Each of these theories
has its own merits and demerits, and since the onibi legends themselves are of various kinds, it would be impossible to conclusively explain all of the onibi with a single theory.
Furthermore,
they are frequently confused with hitodama and kitsunebi, and as there are many different theories to explain them, and since the true nature of these onibi is unknown, there is no real clear distinction between them.
- reference source : wikipedia -


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す 駿河の北浜 鬼火の怪 - SU - Sugaru no Kitahama - Onibi no Kai
江戸妖怪かるた Edo Yokai Karuta - card game


. Japanese Legends - 伝説 民話 昔話 – ABC-List .

............................................................................ Aichi 愛知県
知多郡 Chita district  南知多町 Minami-Chita

onibi 鬼火 fire balls
尾張高野山岩屋山奥之院 Owari Koyasan
愛知県知多郡知多郡南知多町 山海間草109 / Masō Yamami, Minamichita-chō, Chita-gun, Aichi



- Homepage of the temple
Sponsored by the Tokugawa clan of the Edo period.
- source : www.iwayaji.jp... -

The Okunoin of 岩屋寺 Iwaya-Ji is still an active center for Buddhist practice.
On of the pracitses is to abstain from food for three or seven days, not make a fire during this time, walk around the trees from Midnight for one hour in the dark and other exercises.
Sometimes a huge bull stands in their way or fire balls try to prevent them from continuing.
Some hear the footsteps of many people or hear the huge sound of large stones falling on a roof.
Out of fear many disciples run away from this dangerous spot.



............................................................................ Nagano 長野県

At the river 信濃国千曲川 Shinanogawa there where once two youngsters who fell into the water during a strong rain and died.
After that every night a strange Onibi related to the souls of the two could be seen up and down the river. The villagers held a service for their souls and the strange flame appearance stopped.



............................................................................ Okinawa 沖縄県

. muuchii 鬼餅 (むうちい . ムーチー) muchi, "demon mochi" .
- kigo for mid-winter -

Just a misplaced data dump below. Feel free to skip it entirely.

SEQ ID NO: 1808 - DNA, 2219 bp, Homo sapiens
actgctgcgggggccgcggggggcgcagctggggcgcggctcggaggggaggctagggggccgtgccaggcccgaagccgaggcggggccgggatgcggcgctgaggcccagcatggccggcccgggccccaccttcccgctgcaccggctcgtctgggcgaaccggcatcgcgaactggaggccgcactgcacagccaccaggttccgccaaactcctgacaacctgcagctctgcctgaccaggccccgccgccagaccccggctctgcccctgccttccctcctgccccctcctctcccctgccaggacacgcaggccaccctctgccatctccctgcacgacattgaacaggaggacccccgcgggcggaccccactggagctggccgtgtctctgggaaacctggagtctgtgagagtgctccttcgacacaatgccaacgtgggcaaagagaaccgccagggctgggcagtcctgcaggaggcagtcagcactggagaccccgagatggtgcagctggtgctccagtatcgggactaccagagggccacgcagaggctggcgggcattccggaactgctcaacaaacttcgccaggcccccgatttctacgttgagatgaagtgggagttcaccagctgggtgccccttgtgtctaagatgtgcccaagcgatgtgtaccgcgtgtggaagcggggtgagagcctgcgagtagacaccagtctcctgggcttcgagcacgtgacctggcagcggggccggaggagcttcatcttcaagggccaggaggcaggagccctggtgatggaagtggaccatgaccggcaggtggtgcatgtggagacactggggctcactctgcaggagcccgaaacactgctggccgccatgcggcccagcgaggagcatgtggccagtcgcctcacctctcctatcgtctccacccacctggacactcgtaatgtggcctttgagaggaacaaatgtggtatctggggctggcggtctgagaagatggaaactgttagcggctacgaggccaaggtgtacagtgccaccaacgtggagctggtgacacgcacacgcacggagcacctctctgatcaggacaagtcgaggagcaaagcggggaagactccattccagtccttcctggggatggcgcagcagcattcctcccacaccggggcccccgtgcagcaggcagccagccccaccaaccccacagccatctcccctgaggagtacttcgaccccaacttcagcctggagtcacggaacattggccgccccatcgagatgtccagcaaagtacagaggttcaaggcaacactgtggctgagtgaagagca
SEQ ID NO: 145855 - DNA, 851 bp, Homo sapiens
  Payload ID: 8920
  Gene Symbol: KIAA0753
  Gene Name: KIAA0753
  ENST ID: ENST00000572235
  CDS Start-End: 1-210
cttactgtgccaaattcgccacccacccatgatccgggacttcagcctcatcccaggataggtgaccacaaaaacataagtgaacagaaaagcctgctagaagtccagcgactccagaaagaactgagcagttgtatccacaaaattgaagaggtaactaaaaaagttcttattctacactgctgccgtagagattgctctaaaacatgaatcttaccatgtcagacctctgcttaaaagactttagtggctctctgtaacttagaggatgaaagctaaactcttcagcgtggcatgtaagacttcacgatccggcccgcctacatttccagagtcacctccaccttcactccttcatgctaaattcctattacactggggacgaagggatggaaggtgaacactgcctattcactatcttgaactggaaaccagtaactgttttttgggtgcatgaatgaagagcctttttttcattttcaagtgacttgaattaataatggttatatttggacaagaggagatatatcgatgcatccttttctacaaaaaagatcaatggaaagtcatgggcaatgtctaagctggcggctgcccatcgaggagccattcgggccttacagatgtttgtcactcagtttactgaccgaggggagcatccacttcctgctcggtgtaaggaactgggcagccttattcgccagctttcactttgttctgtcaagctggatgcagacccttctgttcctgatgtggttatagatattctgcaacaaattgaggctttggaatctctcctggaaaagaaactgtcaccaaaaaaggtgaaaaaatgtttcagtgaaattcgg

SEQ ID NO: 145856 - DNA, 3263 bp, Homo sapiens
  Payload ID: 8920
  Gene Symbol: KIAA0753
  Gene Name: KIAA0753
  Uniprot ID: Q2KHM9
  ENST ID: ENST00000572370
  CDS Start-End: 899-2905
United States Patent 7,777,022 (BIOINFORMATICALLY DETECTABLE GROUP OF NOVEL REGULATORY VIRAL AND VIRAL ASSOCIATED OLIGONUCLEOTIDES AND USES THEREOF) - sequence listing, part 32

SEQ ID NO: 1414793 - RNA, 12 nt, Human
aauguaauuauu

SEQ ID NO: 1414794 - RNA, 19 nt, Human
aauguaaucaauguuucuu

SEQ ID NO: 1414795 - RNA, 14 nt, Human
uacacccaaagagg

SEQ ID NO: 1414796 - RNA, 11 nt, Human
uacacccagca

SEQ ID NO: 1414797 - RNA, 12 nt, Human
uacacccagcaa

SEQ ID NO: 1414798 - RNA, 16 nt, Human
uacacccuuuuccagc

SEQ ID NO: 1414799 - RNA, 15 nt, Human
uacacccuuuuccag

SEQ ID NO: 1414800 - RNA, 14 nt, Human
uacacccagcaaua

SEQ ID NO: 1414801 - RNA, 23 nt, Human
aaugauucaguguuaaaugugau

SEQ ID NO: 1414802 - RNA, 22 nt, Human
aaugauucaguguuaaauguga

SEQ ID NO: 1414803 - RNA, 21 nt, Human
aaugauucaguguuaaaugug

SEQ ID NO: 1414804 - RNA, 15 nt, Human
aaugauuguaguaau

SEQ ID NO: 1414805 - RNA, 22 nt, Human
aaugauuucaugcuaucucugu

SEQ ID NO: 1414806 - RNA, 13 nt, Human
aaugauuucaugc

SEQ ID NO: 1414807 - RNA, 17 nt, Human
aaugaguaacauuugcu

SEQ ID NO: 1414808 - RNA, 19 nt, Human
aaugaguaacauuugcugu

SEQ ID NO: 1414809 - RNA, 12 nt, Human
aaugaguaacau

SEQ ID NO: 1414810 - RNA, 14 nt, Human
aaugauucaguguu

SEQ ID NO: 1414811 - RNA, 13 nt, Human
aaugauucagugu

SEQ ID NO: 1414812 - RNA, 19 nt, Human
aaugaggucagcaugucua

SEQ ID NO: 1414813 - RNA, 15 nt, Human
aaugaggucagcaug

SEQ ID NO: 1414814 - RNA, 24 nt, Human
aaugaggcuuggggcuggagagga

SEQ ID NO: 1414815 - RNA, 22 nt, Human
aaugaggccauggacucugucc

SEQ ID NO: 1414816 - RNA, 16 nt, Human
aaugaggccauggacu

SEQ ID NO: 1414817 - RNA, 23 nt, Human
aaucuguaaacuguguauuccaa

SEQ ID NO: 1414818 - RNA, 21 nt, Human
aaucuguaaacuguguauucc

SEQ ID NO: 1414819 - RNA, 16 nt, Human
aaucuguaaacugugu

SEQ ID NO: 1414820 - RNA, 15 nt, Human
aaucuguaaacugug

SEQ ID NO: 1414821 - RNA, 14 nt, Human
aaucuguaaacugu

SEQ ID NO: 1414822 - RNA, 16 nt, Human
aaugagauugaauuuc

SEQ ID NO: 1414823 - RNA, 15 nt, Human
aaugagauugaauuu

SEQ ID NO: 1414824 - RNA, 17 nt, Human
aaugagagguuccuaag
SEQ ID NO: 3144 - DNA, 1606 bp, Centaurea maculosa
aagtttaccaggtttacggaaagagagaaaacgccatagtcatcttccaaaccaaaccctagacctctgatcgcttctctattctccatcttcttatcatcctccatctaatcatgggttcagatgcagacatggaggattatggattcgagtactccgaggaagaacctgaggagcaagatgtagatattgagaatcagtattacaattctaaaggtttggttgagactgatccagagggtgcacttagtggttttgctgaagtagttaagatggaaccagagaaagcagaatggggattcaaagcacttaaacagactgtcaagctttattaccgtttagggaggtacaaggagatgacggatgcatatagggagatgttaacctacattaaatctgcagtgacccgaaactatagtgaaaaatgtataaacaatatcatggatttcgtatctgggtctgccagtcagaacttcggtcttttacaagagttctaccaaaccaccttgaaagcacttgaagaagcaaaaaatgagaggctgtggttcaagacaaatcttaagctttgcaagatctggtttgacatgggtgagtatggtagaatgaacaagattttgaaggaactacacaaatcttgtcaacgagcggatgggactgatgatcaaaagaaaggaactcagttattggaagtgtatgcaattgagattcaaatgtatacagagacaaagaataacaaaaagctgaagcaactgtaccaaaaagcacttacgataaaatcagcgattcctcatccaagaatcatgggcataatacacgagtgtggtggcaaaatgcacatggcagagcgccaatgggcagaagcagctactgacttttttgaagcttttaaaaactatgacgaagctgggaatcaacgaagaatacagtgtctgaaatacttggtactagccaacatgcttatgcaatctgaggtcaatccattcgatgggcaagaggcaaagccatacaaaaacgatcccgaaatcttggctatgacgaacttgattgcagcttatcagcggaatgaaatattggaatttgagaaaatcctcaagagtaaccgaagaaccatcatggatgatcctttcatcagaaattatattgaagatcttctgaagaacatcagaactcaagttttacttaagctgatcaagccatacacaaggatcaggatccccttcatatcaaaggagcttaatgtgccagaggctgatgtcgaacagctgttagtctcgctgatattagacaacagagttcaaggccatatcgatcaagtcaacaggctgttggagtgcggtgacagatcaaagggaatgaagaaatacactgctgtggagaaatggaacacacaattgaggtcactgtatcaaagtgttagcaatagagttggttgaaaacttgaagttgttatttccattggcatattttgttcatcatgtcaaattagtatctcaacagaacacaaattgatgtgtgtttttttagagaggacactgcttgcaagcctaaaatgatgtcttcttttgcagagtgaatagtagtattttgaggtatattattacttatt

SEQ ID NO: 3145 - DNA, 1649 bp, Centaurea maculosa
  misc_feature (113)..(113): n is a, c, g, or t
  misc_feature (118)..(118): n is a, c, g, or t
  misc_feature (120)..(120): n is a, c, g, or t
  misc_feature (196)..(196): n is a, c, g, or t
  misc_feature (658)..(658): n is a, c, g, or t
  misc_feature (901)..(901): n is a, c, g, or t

............................................................................ Yamagata 山形県

On summer nights when it rains, a strange white flame can be seen near graves. People call it Onibi.


- source - Mizuki Shigeru - 水木しげる妖怪画の模写:鬼火 



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- reference : nichibun yokai database 妖怪データベース -
23 to explore (05)

- reference - 鬼火 -

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. Onipedia - 鬼ペディア - Oni Demons - ABC-List - .

. Tengu 天狗と伝説 Tengu legends "Long-nosed Goblin" .

. - yookai, yōkai 妖怪 Yokai monsters - .

. Legends and Tales from Japan 伝説 - Introduction .

. Mingei 民芸 Regional Folk Art from Japan .

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Posted By Gabi Greve to Kappa - The Kappapedia on 8/16/2017 02:01:00 pm

2 Oct 2017

KAPPA - oni men demon mask legends


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. Onipedia - 鬼ペディア - Oni Demons - ABC-List - .
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oni no men 鬼の面 伝説 Oni Legends about demon masks
kimen 鬼面


. men, omote 面 masks - Introduction .
Saga - men buryuu 浮立面 masks for a dance 面浮立


- - - collection of Gabi Greve - - -
Hannya 般若 Hanya
This mask is used in Japanese Noh theater, representing a jealous female demon.

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Three Oni masks of 婆面 Grandmother, 爺面 Grandfather and 孫面 Grandchild Demon

. 滝山寺鬼祭 Takisan-Ji Oni Matsuri Festival .





. Toyohashi Oni Matsuri 豊橋鬼祭 Festival .


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. origami no oni 折り紙の鬼 Oni demons from folded paper .


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. Japanese Legends - 伝説 民話 昔話 – ABC-List .

onimen 鬼面
ある闇夜に化け物が出ると噂される古宮に目印を立てにいくこととなる。血気にはやる男を驚かそうと仲間の1人が先まわりして白装束のさばき姿で鳥居の上に身を潜める。そこへ件の若者が心細さのあまり頭に赤熊をかぶり鬼面をつけてやって来る。これに驚いた白装束は手をすべらせて鬼の頭上に落ちかかる。気絶した二人の失態に満座は大笑いとなる。

.
Once a traveling 能楽師 Noh-Master stayed over night in an old temple hall. Since it was so cold, he put a demon mask over his face to sleep. Some other people around thought it was indeed an Oni !


............................................................................ Aichi 愛知県
設楽郡 Shitara district

. mokichi no men 茂吉の面 /茂吉面 the mask of Mokichi .
and the sakaki oni 榊鬼 Sakaki demon and a kagura performance at the Mikawa Matsuri
Yamami Oni



- The Okumikawa Hana Matsuri
- source : pref.aichi.jp/global/en -


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Aichi 名古屋市 Nagoya 熱田区 Atsuta

onimen 鬼面 masks from thick paper
高蔵不動院 Takakura Fudo-In
Nagoya-shi, Atsuta-ku, Takakurachō, 5−8
Every year on the 5th of January the ritual of Shuushoo-E 修正会 is celebrated.
It is also known as
the "Festival of the Demons of Yakushi Nyorai 大薬師の鬼祭".
12 men from Atsuta of the age of 25 and 42 (13 men on a leapyear) participate.
The demon masks of the temple are made of strong thick paper and ward off evil influence for the coming year.
The masks are imitations of the one's from the "Bull Festival of Kyoto" 京都牛祭.

- see below, Ehime, 宇和島牛鬼祭り Uwajima Ushi-oni festival .